determining, by the station, based upon a mapping function, an index of a time slot, in which the station is allowed to start contending for a medium based on the mapping function; wherein the mapping function is (x+Noffset) mod Nraw; wherein x is a position index of an association identifier (AID) of the station if the RAW is restricted to stations whose AID bits in the TIM bitmap are set to 1; wherein, if the RAW is not restricted to stations whose AID bits in the TIM bitmap are set to 1, x is the AID of the station; wherein the Noffset is an offset value in the mapping function; wherein the Nraw is a number of time slots in the RAW; and
contending, by the station, for access to an access point in the slot of the RAW.
13. The machine accessible product of claim 12, wherein the operations further comprise storing a TIM bitmap in a memory.
14. The machine accessible product of claim 12, wherein the operations further comprise the mapping function established by the access point during association.
15. The machine accessible product of claim 12, wherein the operations further comprise the mapping function comprises determining the Noffset based upon part of a frame check sequence (FCS) field of a beacon frame.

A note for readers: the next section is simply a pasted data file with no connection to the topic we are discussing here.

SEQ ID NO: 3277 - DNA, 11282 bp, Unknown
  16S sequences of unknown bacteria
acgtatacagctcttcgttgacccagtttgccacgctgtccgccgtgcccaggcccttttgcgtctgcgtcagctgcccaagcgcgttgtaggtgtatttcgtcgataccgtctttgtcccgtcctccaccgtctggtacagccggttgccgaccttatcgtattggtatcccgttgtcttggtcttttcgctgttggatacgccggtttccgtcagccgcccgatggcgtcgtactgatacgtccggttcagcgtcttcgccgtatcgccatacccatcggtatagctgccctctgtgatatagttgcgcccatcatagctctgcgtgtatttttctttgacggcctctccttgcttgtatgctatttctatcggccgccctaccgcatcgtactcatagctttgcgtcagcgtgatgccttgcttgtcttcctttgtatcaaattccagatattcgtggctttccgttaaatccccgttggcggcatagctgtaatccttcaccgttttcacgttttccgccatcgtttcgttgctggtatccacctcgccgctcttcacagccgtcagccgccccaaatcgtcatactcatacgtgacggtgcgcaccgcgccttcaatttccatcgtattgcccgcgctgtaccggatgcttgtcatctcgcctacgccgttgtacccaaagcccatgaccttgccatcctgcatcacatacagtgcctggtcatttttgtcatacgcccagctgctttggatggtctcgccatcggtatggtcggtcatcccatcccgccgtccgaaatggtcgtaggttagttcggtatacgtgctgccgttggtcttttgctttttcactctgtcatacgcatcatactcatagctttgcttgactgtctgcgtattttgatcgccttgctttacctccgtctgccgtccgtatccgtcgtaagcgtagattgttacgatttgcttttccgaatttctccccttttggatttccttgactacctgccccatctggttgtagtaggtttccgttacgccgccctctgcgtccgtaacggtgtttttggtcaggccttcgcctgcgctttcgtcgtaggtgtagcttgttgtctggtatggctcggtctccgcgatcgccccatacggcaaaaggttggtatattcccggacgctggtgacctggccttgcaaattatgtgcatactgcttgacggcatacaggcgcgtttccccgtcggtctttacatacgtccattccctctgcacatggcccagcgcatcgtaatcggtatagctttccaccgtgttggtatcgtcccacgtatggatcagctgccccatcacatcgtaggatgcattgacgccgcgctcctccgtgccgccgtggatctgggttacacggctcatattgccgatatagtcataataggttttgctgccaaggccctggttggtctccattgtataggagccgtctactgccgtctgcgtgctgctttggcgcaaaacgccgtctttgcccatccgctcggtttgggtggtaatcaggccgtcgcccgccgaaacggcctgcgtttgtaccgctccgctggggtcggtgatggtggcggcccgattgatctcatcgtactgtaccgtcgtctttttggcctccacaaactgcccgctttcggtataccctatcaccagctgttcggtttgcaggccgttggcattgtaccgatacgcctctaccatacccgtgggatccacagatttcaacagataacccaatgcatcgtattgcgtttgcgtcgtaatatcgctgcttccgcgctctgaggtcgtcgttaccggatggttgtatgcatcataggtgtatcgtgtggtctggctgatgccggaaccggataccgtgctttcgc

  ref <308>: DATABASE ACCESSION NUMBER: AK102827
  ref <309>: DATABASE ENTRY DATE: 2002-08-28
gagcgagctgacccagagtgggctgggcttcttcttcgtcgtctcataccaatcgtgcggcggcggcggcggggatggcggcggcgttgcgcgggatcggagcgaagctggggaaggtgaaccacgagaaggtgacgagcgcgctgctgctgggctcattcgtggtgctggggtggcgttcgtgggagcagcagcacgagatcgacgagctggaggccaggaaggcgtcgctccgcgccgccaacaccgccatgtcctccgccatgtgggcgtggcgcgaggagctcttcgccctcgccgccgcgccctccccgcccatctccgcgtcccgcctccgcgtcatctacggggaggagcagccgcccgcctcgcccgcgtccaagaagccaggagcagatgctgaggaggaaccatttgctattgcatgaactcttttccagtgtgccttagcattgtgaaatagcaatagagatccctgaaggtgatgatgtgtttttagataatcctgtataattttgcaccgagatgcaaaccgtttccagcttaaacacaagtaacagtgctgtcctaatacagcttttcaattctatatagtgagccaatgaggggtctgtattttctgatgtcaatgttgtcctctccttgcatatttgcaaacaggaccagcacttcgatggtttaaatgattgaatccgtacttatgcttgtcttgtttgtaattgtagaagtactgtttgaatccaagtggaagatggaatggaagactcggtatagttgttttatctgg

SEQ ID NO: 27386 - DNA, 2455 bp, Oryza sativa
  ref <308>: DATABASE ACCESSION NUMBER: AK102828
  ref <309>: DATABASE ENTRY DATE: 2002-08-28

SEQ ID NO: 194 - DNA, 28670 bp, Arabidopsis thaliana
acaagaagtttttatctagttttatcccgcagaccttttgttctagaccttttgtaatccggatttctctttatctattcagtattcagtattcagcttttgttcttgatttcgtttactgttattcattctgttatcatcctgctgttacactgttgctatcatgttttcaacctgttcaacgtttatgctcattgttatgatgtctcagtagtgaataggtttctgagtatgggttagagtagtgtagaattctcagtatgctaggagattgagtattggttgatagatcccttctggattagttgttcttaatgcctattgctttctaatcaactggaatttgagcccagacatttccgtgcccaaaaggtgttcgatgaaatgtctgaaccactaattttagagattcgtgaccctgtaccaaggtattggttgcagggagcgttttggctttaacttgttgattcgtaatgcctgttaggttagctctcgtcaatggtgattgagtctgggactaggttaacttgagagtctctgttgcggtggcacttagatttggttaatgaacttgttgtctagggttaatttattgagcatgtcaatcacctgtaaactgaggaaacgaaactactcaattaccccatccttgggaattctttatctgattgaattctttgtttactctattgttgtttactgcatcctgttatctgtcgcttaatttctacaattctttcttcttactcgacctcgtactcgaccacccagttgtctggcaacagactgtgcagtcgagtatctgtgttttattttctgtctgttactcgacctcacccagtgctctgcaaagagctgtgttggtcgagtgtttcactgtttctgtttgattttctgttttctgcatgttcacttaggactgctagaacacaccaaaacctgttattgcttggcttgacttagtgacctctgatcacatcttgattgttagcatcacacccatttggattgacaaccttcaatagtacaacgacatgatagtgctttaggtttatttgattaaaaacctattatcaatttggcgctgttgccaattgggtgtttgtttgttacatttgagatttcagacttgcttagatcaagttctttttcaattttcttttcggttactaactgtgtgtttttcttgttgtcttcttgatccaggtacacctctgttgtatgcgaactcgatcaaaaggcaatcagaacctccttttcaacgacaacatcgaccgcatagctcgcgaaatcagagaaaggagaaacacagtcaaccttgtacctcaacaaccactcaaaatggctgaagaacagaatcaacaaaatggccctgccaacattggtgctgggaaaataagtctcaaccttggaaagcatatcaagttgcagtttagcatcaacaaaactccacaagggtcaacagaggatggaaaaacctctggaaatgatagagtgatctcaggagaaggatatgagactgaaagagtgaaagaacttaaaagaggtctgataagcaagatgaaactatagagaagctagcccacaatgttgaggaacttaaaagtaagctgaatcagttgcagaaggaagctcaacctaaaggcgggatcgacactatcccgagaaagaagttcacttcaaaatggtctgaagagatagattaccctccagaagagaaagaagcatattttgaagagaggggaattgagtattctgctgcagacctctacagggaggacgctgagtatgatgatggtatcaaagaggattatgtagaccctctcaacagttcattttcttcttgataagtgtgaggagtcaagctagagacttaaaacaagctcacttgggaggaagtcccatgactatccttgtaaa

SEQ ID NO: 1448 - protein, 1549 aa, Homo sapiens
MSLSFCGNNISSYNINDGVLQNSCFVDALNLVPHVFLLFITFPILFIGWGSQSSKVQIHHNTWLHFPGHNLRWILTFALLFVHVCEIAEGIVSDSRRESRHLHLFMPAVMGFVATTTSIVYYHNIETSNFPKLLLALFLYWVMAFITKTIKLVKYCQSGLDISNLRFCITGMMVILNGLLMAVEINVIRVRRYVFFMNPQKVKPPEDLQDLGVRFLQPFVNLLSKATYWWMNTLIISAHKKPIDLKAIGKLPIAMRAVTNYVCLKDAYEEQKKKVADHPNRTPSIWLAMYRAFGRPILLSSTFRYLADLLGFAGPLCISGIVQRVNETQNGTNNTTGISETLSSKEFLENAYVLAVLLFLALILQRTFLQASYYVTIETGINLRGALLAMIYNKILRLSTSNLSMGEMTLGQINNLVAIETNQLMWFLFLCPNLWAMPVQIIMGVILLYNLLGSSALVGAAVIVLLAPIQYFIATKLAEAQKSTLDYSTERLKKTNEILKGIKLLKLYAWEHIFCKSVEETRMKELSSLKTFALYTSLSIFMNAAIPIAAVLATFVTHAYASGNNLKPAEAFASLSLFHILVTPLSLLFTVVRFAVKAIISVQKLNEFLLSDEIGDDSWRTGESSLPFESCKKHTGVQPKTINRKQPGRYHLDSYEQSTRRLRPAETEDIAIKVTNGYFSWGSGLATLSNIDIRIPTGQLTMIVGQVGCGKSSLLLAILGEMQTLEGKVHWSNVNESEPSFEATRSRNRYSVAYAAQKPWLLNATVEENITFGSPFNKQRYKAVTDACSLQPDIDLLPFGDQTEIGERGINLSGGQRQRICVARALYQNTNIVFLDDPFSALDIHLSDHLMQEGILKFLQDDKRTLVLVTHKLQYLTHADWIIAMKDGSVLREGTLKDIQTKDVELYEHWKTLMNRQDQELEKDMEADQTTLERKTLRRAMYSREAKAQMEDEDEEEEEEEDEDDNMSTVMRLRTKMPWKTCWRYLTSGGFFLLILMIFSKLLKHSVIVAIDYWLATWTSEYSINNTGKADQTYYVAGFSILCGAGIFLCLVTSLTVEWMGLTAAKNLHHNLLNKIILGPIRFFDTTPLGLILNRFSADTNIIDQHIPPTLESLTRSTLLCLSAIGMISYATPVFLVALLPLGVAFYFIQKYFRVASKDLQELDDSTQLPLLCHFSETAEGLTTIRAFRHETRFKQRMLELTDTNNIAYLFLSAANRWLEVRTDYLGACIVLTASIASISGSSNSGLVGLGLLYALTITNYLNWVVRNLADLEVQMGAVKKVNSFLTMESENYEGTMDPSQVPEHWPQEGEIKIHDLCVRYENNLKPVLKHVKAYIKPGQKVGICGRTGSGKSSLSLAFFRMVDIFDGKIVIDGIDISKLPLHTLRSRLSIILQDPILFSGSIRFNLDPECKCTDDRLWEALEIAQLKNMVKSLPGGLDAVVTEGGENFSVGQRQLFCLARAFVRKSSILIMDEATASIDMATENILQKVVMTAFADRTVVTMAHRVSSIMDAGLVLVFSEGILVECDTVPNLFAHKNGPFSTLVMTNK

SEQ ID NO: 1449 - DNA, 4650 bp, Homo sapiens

16. The machine accessible product of claim 15, wherein the operations further comprise determining the Noffset via an offset field in a beacon frame from the access point.
17. The machine accessible product of claim 15, wherein the operations further comprise determining the Noffset via one or more fields comprising a timestamp, FCS, and a beacon interval field in a beacon frame from the access point.
18. A system comprising:
a radio and one or more antennas;
a memory to store logic;
a processor coupled with the memory to execute the logic, the processor, upon execution of the logic, to perform operations, wherein the operations comprise operations to:
receive one or more frames comprising a traffic indication map (TIM) bitmap, a restricted access window slot duration, and a restricted access window duration;
determine a number of slots in a restricted access window (RAW);